When leaders begin from a team-centered approach, they can afford to be more honest (and humble) regarding their own strengths and weaknesses. The focus of leadership formation shifts from making one individual a Jack of all Trades to teaching him/her a set of basic – and very learnable – skill sets about how to unite people with a diversity of gifts in addressing the many challenges facing communities of faith today. It’s a simpler, more sustainable approach that we believe will serve our congregations well.

Vision and Measuring Effectiveness

ECF believes that it is critical to have a long-term vision – or a clear and hopeful picture – of what the Church will look like once Vital Teams’ mission has been realized. In partnership with other leadership institutions across the Church, ECF is aiming for a Church where:

  1. All Episcopal communities of faith, regardless of size or budget, will have access to effective and innovative lay+clergy leadership training. At this early stage, ECF is focused on two critical leadership skill sets for lay+clergy leadership teams – practices for discerning and sustaining a sense of shared purpose and the practical basics on how to build strong group structure so that the team can effectively carry out its mission. 
  2. The concept of effective lay+clergy leadership teams will be incorporated into leadership formation institutions throughout the Church. While some seminaries and dioceses already incorporate elements of team leadership into their focus, it is clear that the Church as a whole has a long way to go. ECF is engaging in advocacy and partnership to encourage major leadership formation institutions to incorporate a focus on team leadership into their curriculum.
  3. Congregations and dioceses will be highly skilled at identifying strong lay+clergy team leaders. ECF will provide tools and resources for identifying strong lay and clergy team leaders, a program activity that sounds more banal than it actually is. This final piece is rooted in the question “How can we incentivize individuals to become strong team leaders?” Our approach is to help search and discernment committees focus on those individuals with the proclivity and training to lead teams effectively. A simple example might be a set of ten interview questions about team leadership for a clergy search committee to use when interviewing potential candidates.

Finally, I want to note that ECF does not see Vital Teams as a short-term project, a faddish initiative that is here today and gone tomorrow. I believe that one of the most remarkable things about ECF is the strength and longevity of our programs. ECF’s Fellowship Partners Program celebrates 50 years this year and ECF Vital Practices began nearly 20 years ago as Cornerstone newsletter. Our vision for Vital Teams is long-term and intentionally bold: We have committed ourselves to a difficult and meaningful task - the patient and persistent work of changing how we form and identify leaders in the Episcopal Church.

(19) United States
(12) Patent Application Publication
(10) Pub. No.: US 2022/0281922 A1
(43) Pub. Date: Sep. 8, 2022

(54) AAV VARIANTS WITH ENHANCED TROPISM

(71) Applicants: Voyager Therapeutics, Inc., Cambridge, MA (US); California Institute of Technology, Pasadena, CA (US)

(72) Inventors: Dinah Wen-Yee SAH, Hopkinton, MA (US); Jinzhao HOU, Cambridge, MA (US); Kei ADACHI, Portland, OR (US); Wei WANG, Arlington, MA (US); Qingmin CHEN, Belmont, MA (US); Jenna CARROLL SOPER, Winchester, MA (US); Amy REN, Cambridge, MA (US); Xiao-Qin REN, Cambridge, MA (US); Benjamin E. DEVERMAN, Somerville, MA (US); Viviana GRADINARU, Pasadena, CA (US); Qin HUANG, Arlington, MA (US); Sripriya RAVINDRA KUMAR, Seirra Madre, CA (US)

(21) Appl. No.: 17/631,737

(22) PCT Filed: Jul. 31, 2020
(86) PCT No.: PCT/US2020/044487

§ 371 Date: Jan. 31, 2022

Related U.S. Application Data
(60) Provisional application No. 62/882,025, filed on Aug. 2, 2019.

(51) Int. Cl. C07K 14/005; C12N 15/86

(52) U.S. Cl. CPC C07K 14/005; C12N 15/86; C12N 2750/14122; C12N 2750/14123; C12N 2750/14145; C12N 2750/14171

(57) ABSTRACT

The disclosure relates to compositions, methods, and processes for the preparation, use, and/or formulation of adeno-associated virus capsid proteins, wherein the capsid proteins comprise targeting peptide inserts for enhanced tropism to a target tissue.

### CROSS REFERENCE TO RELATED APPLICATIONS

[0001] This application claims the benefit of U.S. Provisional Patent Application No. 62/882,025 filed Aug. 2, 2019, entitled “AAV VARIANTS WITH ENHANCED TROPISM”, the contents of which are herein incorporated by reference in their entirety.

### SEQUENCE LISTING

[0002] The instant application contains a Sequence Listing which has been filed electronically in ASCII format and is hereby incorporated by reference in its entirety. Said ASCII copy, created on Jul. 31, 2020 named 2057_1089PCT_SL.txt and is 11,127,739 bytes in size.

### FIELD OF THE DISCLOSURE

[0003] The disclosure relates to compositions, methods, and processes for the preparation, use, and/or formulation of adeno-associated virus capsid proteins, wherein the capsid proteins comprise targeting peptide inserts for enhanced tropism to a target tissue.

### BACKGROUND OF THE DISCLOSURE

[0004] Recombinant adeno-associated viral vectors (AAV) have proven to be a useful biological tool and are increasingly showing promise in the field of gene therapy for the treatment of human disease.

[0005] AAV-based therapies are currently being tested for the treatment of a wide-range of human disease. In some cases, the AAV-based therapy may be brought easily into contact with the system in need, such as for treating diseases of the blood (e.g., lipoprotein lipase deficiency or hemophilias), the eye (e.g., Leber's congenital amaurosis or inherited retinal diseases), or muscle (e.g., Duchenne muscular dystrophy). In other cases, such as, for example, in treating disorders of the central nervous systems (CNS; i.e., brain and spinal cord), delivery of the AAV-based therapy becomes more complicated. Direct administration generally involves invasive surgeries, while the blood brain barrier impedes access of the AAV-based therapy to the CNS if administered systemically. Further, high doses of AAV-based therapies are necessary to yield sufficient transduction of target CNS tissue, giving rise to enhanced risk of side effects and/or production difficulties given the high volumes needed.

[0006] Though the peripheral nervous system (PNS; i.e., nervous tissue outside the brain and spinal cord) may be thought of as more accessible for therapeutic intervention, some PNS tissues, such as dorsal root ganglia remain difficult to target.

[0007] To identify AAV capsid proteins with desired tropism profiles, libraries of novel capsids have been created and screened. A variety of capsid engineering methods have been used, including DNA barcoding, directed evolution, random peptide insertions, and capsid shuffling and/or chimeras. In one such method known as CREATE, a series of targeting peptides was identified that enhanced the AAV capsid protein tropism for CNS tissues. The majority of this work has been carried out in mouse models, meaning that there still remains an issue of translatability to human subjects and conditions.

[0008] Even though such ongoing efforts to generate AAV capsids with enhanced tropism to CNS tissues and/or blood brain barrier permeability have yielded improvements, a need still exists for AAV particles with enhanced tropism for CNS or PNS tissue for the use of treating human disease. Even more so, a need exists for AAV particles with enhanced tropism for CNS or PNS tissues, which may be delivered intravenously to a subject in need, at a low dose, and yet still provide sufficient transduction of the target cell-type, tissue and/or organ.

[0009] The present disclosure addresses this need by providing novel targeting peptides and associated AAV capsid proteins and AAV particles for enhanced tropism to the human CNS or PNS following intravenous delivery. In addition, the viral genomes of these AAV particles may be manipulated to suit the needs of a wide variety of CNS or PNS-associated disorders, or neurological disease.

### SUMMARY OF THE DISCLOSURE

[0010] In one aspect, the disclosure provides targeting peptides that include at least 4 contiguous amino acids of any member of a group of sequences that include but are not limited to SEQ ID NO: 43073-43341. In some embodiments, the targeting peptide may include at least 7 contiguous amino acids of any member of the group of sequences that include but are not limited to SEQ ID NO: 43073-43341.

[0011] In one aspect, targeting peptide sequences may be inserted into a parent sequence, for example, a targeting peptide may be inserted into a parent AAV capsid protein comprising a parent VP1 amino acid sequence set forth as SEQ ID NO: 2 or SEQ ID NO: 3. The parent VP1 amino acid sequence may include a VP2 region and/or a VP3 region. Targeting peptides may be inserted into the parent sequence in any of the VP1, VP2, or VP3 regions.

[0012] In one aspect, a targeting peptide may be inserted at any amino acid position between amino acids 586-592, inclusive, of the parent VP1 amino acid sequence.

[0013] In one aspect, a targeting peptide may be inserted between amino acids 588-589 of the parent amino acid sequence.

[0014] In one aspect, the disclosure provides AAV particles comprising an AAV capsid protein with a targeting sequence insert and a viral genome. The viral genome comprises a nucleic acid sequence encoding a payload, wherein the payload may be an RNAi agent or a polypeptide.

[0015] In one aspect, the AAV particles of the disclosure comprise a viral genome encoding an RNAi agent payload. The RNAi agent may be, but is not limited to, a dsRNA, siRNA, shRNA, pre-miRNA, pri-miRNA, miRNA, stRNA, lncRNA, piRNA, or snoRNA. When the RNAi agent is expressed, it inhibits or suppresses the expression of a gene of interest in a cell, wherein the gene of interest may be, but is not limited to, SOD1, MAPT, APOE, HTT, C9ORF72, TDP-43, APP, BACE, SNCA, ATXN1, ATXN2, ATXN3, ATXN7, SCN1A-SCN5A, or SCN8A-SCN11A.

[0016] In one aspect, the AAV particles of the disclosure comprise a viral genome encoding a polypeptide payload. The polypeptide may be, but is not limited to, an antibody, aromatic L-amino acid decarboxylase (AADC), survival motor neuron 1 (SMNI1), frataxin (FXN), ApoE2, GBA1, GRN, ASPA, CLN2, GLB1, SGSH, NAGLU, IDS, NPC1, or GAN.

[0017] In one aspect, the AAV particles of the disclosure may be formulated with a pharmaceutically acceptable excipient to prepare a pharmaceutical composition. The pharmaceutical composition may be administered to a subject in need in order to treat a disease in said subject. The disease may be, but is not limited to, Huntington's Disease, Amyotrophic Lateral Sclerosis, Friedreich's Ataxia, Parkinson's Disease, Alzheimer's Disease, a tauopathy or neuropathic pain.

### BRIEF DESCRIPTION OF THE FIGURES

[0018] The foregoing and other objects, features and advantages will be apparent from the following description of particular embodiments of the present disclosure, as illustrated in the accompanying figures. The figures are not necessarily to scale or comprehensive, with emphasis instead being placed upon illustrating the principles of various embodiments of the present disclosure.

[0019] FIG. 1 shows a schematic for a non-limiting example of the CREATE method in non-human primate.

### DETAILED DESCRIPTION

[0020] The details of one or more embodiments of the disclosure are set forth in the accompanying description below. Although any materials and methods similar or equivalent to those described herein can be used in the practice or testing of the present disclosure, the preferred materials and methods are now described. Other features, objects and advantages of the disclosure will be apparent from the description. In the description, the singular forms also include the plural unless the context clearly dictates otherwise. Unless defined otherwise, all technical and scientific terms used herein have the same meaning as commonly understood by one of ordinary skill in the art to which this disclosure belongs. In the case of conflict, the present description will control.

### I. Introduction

ECF's Vital Teams program is led by Miguel Escobar, program director for leadership resources, Kate Adams, special projects director, and two lead consultants, the Rev. Rosa Lindahl and the Rev. Ronald C. Byrd, Sr. Click here to learn more about the launch of Vital Teams.

Miguel Escobar serves as the Episcopal Church Foundation’s program director for leadership resources. He coordinates the lay+clergy team responsible for ECF Vital Practices, the Fellowship Partners Program, ECF’s educational workshops and webinars, the Vestry Resource Guide, Strategic Solutions, ECF’s Spanish language initiatives, and the newly launched Vital Teams. Miguel graduated from Union Theological Seminary with his MDiv in 2007. Write Miguel at mescobar@episcopalfoundation.org or follow him on Facebook and Twitter.


[1] The 2010 Faith Communities Today Survey of the Episcopal Church noted that “declining congregations tended to have more overall conflict and more areas of serious conflict”, that conflict over “leadership and finances were the areas most strongly related to decline in Average Sunday Attendance” (pg 3).


[2] The House of Bishop’s 2014 “Primer on the Government of the Episcopal Church and its underlying theology” summarizes the roles of clergy and laity in the congregation as follows: “The ordained assist the whole Church by accepting responsibility for worship, the Church’s principal act; the faithful proclamation of the Gospel, the teaching of the Faith, and the administration of all the sacraments. The laypeople take responsibility for finances, and for maintaining the properties of the congregation for the use by the rector for ministry. Most importantly, they do the work of God’s mission in the world” (pgs. 9-10).

This narrow interpretation of the laity’s role hardly describes the wide range of creative ministries that lay leaders can (and do) fulfill within congregations, particularly when lay leaders partner with clergy in visioning and decision-making. It does, however, capture the essence of the clergy-centric model; note that the second sentence describes the rector alone as engaged in ministry.